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  • Author or Editor: George E. Moore x
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Abstract

OBJECTIVE

To use proteomic analysis to identify qualitatively and quantitatively mammalian protein components of commercial veterinary vaccines against canine distemper, leptospirosis, borreliosis, and rabies.

SAMPLE

25 licensed veterinary vaccines (from 4 different manufacturers) against canine distemper and leptospirosis, borreliosis, and rabies (3-year and 1-year durations of immunity).

PROCEDURES

Duplicate samples from a single-lot vial of each vaccine were prepared by acetone precipitation and proteolysis with trypsin and Lys-C protease mix. Peptides mixtures (1 μg) were analyzed by liquid chromatography-tandem mass spectrometry using an Orbitrap Fusion Lumos mass spectrometer. Liquid chromatography-tandem mass spectroscopy data were searched against a Bos taurus protein database using MaxQuant to identify and quantify mammalian proteins in the vaccines. Identified proteins were classified by function and network analysis to visualize interactions.

RESULTS

The largest number of mammalian proteins was identified in 3-year rabies vaccines (median, 243 proteins; range, 184 to 339 proteins) and 1-year rabies vaccines (median, 193 proteins; range, 169 to 350 proteins). Borrelia and leptospirosis-distemper (L&D) vaccines had the lowest number of proteins. Rabies vaccines had the highest number of identified proteins in common (n = 316); 33 were unique to 1-year products and 44 were found in 3-year products. Borrelia and L&D vaccines had 16 and 22 uniquely identified proteins, respectively. The protein classifications were primarily modulators of protein-binding activity, enzymes, transfer-carrier proteins, cytoskeletal proteins, defense-immunity proteins, calcium-binding proteins, and extracellular matrix proteins.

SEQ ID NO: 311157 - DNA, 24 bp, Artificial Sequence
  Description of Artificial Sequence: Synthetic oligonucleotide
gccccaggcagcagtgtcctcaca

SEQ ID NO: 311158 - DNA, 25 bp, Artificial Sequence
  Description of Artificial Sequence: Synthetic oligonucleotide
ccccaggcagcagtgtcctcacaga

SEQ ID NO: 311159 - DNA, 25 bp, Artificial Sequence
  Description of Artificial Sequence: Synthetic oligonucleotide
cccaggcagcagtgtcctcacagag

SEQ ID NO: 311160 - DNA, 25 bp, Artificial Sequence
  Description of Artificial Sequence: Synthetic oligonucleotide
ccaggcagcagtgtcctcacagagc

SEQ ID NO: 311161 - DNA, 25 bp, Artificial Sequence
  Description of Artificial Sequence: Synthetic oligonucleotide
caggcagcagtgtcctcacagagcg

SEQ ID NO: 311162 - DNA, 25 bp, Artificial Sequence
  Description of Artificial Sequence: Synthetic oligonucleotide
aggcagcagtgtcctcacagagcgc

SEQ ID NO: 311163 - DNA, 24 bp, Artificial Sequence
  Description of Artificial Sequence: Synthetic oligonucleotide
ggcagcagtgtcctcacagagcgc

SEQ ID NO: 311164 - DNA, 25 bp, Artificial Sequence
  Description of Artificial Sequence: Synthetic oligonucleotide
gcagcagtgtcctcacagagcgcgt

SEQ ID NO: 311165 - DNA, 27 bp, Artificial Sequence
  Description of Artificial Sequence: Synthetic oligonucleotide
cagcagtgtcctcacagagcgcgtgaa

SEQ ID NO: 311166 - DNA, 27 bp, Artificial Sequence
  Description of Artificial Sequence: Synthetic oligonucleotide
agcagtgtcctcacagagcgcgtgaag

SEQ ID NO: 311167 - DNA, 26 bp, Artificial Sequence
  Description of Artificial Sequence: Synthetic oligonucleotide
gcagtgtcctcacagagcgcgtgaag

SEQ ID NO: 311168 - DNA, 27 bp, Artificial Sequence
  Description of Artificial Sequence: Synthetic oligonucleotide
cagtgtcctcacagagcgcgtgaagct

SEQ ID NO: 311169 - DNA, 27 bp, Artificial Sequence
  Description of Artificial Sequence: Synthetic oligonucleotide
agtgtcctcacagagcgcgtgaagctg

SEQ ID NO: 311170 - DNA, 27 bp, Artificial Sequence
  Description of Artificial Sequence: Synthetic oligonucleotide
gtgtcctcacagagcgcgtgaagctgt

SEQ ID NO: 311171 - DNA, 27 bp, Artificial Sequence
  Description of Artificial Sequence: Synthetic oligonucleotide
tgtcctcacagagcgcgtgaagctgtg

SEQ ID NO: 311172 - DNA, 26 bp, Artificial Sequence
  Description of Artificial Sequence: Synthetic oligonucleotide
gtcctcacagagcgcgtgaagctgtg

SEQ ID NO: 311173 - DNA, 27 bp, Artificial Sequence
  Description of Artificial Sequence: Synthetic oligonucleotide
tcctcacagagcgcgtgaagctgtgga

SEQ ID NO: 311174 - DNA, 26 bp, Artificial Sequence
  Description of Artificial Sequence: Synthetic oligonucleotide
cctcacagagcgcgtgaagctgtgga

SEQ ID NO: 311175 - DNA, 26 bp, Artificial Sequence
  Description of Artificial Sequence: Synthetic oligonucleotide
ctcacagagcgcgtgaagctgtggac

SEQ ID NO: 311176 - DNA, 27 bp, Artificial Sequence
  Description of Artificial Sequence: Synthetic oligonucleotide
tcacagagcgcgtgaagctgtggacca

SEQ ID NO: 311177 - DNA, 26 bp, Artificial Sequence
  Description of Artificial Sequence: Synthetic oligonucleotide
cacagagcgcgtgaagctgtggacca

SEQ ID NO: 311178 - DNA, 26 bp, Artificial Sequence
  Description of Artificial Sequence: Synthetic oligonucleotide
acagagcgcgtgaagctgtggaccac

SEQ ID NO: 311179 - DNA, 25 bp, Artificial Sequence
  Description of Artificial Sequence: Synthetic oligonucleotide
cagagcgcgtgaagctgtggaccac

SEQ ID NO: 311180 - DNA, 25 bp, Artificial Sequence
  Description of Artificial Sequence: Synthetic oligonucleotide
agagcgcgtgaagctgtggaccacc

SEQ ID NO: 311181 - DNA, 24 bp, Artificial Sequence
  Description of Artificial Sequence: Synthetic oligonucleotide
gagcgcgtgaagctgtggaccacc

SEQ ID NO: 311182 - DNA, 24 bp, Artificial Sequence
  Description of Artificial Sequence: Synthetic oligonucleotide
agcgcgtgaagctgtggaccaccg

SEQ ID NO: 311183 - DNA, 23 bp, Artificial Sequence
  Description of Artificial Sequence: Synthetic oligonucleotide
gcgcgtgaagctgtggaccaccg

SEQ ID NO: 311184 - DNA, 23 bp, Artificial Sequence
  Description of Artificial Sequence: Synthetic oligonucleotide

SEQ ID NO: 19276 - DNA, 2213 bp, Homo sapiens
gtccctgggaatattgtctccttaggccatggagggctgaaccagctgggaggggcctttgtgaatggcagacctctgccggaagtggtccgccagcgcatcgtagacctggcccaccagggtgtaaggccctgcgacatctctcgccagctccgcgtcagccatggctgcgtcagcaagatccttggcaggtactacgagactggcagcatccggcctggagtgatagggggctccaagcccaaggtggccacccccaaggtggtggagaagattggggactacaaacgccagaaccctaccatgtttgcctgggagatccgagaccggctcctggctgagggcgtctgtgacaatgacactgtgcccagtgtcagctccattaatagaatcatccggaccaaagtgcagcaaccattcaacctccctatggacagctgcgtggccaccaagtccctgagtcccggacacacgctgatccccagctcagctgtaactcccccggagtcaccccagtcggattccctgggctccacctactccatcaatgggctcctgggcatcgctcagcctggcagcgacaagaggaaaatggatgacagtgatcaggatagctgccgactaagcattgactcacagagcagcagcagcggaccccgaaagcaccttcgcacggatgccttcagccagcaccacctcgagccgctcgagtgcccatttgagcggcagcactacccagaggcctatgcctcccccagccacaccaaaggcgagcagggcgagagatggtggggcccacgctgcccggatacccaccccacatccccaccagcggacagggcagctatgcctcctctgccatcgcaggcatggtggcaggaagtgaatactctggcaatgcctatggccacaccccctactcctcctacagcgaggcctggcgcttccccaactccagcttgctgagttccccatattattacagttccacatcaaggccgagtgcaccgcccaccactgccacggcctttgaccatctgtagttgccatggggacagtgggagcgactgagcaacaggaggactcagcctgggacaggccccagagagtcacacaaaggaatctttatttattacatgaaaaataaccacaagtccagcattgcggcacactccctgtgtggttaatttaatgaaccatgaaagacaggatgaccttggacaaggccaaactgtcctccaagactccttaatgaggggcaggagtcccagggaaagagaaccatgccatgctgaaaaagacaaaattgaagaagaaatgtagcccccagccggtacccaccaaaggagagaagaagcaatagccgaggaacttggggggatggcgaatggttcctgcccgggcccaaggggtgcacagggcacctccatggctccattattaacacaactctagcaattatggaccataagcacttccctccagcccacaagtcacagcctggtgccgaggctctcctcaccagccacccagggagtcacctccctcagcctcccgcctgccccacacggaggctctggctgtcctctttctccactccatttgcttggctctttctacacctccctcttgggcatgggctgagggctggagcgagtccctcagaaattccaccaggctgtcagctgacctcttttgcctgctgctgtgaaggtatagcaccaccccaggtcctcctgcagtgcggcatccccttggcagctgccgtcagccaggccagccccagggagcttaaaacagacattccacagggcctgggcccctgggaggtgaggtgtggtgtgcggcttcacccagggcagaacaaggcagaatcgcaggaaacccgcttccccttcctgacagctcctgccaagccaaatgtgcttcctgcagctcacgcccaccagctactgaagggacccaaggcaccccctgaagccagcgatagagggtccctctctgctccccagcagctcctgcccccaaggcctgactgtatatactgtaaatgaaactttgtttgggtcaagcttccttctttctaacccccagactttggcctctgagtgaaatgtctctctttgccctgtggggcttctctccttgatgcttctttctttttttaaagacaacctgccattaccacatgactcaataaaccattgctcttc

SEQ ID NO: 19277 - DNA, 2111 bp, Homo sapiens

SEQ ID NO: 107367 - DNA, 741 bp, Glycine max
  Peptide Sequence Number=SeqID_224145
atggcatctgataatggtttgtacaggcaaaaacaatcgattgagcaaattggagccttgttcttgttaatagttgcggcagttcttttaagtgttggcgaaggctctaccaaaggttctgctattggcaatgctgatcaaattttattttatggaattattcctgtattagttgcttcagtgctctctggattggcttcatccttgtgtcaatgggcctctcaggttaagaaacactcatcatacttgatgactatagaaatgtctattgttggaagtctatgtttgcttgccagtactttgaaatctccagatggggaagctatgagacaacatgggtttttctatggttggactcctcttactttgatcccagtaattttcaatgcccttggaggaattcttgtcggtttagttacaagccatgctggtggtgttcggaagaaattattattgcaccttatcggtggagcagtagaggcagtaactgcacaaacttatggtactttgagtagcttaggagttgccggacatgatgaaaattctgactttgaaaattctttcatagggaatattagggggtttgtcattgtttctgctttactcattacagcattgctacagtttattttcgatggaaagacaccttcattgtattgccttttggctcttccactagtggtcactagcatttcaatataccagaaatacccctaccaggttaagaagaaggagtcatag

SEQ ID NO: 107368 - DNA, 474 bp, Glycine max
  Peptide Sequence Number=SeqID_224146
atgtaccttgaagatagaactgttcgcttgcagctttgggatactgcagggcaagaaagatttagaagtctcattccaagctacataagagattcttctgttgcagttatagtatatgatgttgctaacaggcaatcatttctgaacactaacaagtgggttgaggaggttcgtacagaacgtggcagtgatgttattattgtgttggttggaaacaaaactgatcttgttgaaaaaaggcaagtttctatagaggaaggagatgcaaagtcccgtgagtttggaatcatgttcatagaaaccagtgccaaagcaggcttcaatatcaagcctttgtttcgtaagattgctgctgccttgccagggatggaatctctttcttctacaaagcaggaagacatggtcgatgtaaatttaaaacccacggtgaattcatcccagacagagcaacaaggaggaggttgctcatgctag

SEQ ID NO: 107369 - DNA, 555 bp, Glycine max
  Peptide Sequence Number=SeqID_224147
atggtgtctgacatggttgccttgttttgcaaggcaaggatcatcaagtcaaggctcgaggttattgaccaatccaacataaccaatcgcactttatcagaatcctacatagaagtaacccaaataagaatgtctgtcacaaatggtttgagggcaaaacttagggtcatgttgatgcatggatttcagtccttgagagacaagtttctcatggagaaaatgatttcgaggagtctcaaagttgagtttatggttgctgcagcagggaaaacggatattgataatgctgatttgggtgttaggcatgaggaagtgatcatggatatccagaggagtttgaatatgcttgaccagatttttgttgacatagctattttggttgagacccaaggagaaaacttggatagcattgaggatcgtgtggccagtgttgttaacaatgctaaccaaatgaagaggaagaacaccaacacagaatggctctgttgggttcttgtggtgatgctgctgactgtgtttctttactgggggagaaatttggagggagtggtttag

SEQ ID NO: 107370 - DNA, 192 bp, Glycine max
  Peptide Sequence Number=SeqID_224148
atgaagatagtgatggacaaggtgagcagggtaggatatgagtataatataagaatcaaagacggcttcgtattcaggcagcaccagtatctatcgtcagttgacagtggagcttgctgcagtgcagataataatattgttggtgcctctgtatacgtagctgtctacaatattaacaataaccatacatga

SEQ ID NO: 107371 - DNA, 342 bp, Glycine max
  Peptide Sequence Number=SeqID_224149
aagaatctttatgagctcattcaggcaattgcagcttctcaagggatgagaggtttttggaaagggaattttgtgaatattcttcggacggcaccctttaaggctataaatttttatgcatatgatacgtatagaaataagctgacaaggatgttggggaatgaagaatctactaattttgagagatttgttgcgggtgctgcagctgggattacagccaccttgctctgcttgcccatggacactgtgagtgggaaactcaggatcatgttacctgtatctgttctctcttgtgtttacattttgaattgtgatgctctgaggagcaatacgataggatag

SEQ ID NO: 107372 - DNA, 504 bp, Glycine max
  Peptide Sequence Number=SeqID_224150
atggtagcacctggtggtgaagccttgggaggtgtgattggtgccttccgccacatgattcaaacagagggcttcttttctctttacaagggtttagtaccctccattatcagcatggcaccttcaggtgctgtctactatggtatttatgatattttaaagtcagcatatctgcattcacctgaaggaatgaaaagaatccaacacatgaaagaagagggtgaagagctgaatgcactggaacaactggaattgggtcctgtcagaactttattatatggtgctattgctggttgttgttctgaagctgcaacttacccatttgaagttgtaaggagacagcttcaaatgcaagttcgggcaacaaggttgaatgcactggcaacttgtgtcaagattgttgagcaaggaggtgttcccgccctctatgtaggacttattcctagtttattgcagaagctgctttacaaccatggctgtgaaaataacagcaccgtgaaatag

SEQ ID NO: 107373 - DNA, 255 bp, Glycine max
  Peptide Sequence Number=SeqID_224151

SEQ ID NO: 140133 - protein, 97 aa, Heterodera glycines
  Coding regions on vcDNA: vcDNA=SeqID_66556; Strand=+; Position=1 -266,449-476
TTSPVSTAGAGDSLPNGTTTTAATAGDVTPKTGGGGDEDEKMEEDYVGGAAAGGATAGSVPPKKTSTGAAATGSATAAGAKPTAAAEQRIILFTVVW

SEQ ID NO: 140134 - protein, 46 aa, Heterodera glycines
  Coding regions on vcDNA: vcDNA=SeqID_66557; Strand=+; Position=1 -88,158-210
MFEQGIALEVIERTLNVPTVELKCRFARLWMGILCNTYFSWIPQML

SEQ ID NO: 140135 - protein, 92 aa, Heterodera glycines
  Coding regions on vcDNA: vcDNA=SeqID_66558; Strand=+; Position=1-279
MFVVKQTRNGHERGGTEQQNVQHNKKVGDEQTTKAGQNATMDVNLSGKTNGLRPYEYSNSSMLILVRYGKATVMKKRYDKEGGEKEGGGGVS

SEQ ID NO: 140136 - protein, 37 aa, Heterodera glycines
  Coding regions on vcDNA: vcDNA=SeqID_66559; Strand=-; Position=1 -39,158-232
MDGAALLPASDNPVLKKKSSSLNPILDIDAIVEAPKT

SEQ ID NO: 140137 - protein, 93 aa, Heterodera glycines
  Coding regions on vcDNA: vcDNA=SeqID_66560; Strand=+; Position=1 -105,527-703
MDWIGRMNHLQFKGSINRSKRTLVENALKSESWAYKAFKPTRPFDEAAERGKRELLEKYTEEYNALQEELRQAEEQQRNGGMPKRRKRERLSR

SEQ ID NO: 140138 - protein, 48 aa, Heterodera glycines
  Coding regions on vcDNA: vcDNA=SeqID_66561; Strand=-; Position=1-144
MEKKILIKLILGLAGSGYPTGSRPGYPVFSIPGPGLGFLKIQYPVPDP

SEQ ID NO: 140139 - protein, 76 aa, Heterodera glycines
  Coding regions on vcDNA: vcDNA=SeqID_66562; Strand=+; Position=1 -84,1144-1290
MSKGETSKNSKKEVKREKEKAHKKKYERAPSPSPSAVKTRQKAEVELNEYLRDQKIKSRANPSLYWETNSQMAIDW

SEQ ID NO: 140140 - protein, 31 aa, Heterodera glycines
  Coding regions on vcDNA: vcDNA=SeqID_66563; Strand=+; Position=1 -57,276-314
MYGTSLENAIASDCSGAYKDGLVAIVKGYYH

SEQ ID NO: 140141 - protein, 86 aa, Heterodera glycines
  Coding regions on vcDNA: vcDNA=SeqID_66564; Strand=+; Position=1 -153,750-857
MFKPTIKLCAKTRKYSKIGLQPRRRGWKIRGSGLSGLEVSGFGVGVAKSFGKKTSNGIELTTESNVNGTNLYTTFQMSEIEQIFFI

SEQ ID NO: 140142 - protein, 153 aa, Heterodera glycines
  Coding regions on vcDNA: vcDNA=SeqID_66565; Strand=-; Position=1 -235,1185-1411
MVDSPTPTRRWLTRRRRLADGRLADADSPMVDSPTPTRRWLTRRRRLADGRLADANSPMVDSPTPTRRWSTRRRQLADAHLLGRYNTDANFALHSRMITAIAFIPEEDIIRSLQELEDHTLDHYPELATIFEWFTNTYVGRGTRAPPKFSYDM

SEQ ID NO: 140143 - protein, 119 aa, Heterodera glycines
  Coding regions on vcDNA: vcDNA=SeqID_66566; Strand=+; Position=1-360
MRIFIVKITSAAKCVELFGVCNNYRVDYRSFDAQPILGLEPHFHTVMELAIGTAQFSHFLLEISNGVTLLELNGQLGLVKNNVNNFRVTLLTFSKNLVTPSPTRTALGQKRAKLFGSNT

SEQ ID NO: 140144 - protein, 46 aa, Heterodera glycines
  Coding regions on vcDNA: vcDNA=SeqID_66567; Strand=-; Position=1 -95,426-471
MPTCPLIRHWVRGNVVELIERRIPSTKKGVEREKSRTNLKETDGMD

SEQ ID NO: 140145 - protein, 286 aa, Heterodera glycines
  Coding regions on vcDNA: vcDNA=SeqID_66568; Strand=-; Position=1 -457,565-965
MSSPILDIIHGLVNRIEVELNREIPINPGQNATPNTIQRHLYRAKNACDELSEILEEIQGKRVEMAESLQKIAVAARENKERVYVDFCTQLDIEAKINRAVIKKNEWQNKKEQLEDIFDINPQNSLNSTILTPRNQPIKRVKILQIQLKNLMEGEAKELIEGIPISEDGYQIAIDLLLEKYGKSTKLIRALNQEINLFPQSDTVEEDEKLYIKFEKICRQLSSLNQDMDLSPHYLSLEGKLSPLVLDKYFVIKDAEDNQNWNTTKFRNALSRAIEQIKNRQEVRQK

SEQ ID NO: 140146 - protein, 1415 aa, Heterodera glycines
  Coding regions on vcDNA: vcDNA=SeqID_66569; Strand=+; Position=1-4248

CLINICAL RELEVANCE

This study demonstrates proteomics application to evaluate quality differences among different vaccines, identifying potential stimulants of desirable and undesirable immune responses.

Open access
in American Journal of Veterinary Research

Abstract

OBJECTIVE

To evaluate effects of loop diameter of a modified Kessler locking-loop (LL) suture on in vitro tensile strength and gapping characteristics of canine flexor tendon repairs.

SAMPLE

48 cadaveric superficial digital flexor tendons from 24 adult medium- to large-breed dogs.

PROCEDURES

Flexor tendons were randomly assigned to 4 groups (n = 12/group) and repaired with 2-0 polypropylene in a LL pattern with loops measuring 1, 2, 3, or 4 mm in diameter. Biomechanical loads, gap formation between tendon ends, and failure modes were evaluated and compared between groups.

RESULTS

Increasing loop diameter from 1 to 4 mm significantly increased yield (P = .048), peak (P < .001), and failure (P < .001) loads. There were no significant differences in yield, peak, and failure loads between 1- and 2-mm loops. Load to 3-mm gap formation was significantly (P < .001) greater for 4-mm loops, compared with 1-, 2-, and 3-mm loops. Failure mode did not differ significantly among experimental groups, with 46 of 48 (96%) of constructs failing because of suture breakage.